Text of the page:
The first invasion came on November 19, 1274 when the Mongol Hordes landed at Hakata Bay and were met by Japanese warriors from the Kyushu Region. The samurai’s preferred style of combat by the thirteenth century was to charge into battle and challenge opposing warriors to individual combat during pitch battles. However their foreign enemies used a different type of strategy.

They rode towards the samurai firing volleys of arrows laced with poison before retreating to stay out of range of their opponents. These waves of attacks continued relentlessly and were combined with the use of fire bombs that had probably been developed in China and burned not only the samurai warriors but also their mounts. The Japanese were forced to fall back into defensive formation but the Mongols could not build on their advantage and pursue any further due to a shortage of arrows.

They re-boarded their ships and left Hakata Bay with a decisive victory under their belts but as they did so, a storm came that destroyed a large part of their fleet with powerful winds, torrential rains and huge waves. They lost an estimated 13,000 men of a force that had been around 35,000 strong at the start of the fighting and 200 of their 900 ships were lost to the sea.

The Second Attack on Samurai Forces

For the next few years, Kublai concentrated on conquering Sothern China until in 1279, he sent more envoys to Japan demanding the leaders there pay homage to him. The reply was a resounding “no” and the messenger’s heads were returned to the Khan, minus their bodies. Kublai was furious but waited until May 1281 to attempt to exact his revenge.

He raised an army of over 200,000 men and in preparation for the coming conflict, the Japanese constructed a wall 4.5 meters high and 40 km (25 miles) in length along the coast of Hakata Bay. They also assembled a large number of small boats that were designed specifically to fight in shallow waters in a bid to hamper their opponent’s ability to land troops.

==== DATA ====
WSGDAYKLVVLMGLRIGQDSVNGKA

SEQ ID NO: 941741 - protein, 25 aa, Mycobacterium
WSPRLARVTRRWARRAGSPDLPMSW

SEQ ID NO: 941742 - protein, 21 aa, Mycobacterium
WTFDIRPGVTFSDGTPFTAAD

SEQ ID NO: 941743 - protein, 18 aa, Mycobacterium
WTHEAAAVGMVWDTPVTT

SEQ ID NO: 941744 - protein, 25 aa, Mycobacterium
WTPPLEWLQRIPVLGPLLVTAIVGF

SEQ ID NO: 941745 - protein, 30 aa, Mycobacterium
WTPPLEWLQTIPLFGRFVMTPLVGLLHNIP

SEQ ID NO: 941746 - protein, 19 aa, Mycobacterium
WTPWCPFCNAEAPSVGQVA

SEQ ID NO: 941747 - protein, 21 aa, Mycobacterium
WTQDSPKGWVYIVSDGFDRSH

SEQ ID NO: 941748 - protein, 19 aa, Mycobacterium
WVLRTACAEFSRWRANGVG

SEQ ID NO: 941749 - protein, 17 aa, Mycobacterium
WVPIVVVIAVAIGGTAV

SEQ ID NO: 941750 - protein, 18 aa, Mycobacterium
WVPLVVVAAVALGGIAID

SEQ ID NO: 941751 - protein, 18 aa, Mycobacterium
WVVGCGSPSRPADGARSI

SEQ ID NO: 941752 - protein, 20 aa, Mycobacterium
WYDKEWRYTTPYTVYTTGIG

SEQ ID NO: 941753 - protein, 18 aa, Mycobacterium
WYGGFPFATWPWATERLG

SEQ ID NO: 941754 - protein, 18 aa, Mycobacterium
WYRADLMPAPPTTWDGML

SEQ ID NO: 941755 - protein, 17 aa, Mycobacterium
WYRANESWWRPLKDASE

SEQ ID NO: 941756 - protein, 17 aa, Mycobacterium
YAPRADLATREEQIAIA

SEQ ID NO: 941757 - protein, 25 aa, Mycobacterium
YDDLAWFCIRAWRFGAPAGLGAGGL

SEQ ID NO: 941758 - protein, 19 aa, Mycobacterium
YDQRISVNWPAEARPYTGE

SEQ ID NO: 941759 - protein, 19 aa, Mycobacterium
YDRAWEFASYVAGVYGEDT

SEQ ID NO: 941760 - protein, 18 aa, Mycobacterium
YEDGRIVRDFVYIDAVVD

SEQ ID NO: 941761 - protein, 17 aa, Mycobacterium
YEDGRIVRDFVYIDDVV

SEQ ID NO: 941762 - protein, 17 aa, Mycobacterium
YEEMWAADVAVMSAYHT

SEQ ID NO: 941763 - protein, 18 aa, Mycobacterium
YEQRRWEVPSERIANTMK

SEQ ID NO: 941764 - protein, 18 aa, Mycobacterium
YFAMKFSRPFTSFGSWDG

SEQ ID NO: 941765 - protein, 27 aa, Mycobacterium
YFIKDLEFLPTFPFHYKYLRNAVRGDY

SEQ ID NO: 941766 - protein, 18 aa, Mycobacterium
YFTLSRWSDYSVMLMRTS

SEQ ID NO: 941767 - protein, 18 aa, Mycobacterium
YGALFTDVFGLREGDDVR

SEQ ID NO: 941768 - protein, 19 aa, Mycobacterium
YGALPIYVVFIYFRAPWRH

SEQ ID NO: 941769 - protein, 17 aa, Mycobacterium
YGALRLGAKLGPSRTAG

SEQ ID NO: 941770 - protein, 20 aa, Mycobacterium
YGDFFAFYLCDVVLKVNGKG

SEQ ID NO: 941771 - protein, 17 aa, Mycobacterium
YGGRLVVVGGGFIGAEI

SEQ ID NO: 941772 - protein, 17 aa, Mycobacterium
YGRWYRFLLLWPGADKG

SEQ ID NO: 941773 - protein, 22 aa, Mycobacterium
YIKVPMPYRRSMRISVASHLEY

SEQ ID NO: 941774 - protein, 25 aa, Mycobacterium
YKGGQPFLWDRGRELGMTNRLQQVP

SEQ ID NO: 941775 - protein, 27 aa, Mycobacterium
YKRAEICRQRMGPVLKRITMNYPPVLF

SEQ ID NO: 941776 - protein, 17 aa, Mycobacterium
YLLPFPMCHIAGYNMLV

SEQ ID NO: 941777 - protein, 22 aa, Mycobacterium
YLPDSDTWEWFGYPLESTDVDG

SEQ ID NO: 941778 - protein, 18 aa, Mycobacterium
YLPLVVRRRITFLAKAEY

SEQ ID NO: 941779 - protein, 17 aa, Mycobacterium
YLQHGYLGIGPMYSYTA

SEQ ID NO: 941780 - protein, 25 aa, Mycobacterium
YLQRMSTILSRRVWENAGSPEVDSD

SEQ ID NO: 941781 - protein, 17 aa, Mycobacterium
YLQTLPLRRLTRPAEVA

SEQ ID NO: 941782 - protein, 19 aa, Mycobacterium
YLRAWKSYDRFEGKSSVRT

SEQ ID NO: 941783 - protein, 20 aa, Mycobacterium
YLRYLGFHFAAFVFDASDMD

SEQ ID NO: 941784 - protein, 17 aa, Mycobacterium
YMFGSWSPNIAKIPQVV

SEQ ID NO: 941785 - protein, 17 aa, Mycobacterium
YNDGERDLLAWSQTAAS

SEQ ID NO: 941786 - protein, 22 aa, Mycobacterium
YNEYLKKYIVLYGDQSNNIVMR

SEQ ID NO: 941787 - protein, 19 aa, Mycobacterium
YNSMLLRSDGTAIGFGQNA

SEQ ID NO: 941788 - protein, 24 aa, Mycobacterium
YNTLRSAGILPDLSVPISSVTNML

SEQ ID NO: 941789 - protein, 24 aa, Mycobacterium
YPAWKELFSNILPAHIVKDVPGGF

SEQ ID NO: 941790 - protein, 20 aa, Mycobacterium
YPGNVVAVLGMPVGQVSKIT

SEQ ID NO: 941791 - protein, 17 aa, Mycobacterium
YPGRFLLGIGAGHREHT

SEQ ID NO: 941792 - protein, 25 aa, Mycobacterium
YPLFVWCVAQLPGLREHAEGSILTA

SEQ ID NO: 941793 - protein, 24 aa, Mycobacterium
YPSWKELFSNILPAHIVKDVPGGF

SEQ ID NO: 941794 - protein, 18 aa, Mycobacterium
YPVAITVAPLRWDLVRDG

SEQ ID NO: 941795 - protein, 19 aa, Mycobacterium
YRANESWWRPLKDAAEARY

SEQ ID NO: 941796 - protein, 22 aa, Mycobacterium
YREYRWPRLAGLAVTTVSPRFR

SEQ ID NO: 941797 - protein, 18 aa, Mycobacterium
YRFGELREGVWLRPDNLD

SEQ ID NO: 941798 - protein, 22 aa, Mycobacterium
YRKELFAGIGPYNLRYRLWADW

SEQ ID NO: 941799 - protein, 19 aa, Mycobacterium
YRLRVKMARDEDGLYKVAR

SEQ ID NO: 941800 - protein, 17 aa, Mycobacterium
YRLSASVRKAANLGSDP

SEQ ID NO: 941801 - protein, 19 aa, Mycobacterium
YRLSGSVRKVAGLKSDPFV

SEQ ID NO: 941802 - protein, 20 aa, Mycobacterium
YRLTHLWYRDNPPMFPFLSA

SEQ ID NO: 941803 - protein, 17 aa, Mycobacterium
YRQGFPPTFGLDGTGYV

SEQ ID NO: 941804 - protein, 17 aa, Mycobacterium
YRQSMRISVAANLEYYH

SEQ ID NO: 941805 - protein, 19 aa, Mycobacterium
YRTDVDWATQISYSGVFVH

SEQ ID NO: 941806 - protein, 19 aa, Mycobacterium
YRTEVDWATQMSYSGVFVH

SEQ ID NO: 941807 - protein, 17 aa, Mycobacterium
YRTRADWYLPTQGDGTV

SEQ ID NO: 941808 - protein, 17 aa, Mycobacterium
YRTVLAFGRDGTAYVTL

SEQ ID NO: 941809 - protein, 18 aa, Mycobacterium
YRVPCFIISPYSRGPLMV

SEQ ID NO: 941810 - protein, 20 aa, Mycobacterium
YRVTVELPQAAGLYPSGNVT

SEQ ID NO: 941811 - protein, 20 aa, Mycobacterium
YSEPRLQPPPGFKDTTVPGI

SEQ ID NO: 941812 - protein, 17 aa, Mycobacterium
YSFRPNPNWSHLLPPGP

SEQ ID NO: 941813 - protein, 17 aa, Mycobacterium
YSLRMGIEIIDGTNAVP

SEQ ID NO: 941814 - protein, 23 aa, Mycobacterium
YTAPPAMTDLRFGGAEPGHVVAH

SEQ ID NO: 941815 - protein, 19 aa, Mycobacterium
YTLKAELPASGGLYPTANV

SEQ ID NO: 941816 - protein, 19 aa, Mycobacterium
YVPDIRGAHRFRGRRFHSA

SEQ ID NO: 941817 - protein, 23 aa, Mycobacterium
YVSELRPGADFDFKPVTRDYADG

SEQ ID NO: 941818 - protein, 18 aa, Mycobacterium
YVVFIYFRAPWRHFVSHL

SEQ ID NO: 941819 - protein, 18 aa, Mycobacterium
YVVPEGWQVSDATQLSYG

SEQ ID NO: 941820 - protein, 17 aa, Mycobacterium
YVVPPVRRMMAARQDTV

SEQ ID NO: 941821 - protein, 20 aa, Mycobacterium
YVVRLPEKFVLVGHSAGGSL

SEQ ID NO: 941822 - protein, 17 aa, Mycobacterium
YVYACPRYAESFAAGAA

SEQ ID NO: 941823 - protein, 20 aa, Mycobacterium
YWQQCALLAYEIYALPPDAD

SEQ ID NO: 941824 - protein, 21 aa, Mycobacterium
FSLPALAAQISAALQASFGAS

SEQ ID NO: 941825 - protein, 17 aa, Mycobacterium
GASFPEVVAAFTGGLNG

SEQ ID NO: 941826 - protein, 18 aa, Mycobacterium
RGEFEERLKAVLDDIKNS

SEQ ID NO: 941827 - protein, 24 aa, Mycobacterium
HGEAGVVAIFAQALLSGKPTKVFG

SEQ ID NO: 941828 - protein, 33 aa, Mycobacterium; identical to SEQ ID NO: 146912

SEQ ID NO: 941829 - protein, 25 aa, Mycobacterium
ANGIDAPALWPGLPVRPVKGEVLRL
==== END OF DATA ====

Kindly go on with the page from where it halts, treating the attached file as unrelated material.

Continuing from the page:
The fleet was to attack in two waves, the first of which set out with 900 ships carrying 40,000 men which was to be followed by a further 100,000 soldiers and 60,000 sailors who would be carried in 3,500 ships. The first wave reached Tsushima on the 9th June and despite strong resistance, managed to overcome samurai forces there.

They pushed on to Kyushu in Hakata Bay where the samurai managed to limited their ability to land troops to small numbers and employed night-time attacks on their ships.

The Divine Wind

These tactics frustrated the Mongols who returned to their ships only to realise soon after doing so that they had made the same mistake again by invading Japan during typhoon season. Another storm hit with even greater ferocity than the last and devastated both the first and the second waves of the fleet. These winds, so it was believed by the Japanese, were evidence of intervention from the gods and became known as Kamikaze or the Divine Wind.

Around 4,000 of their ships were sunk and around 100,000 men lost their lives, forcing the fleet to return to China. Once again the Mongol Hordes had been defeated by natural forces which ended any major attempt for them to become the overlords of the samurai warriors.

Further Reading

Cook, H. 1993. Samurai – The Story of a Warrior Tradition. London. Blandford Press.

Gracie, C. [Internet]. 2012. Kublai Khan: China's Favourite Barbarian. The BBC. Available from: http://www.bbc.co.uk/news/magazine-19850234 [Accessed 10 May, 2013].

Mongol Empire (1206 to 1368). [Internet]. 2013. Find the Data. Available from: http://empires.findthedata.org/l/2/Mongol-Empire [Accessed 10 May, 2013].

Newman, J. 1989. Bushido – The Way of the Warrior. New York. Gallery Books.

Renius, A. [Internet]. 2009. The Mongols, the Samurai and the Divine Wind. Socyberty. Available from: http://socyberty.com/history/the-mongols-the-samurai-and-the-divine-wind [Accessed 10 May, 2013].

Turnbull, S. R. 1987. Fourth Edition. Samurai – A Military history. London. Osprey.


Current Day Katanas

The katana sword is still respected today although it is rare to find a sword smith who can make a Samurai sword with the passion, meaning, art and spirit exhibited by the earlier sword smiths. Katana swords are currently used in martial arts training such as Kenjutsu , Iaido, and others. These swords are mainly used to balance the unarmed nature of this martial art.

There are numerous Kenjutsu masters who believe that the art of Jujitsu was a back-up plan for warriors when their swords got lost or damaged in the battle field. This martial art initially focused on dominating the opponent without using any weapon. However, modern day martial artists often try to gain skills in both fighting styles.

The Samurai sword still carries a strong historical and ceremonial importance in Japan just like the famous Jujitsu style of fighting in modern day entertainment such as Mixed Martial Arts (MMA) fighting. The katana sword is considered as the deadliest weapon in Japanese history and culture.

Now that you know the history of the Samurai sword read my article on the history of samurai armor & where to buy it.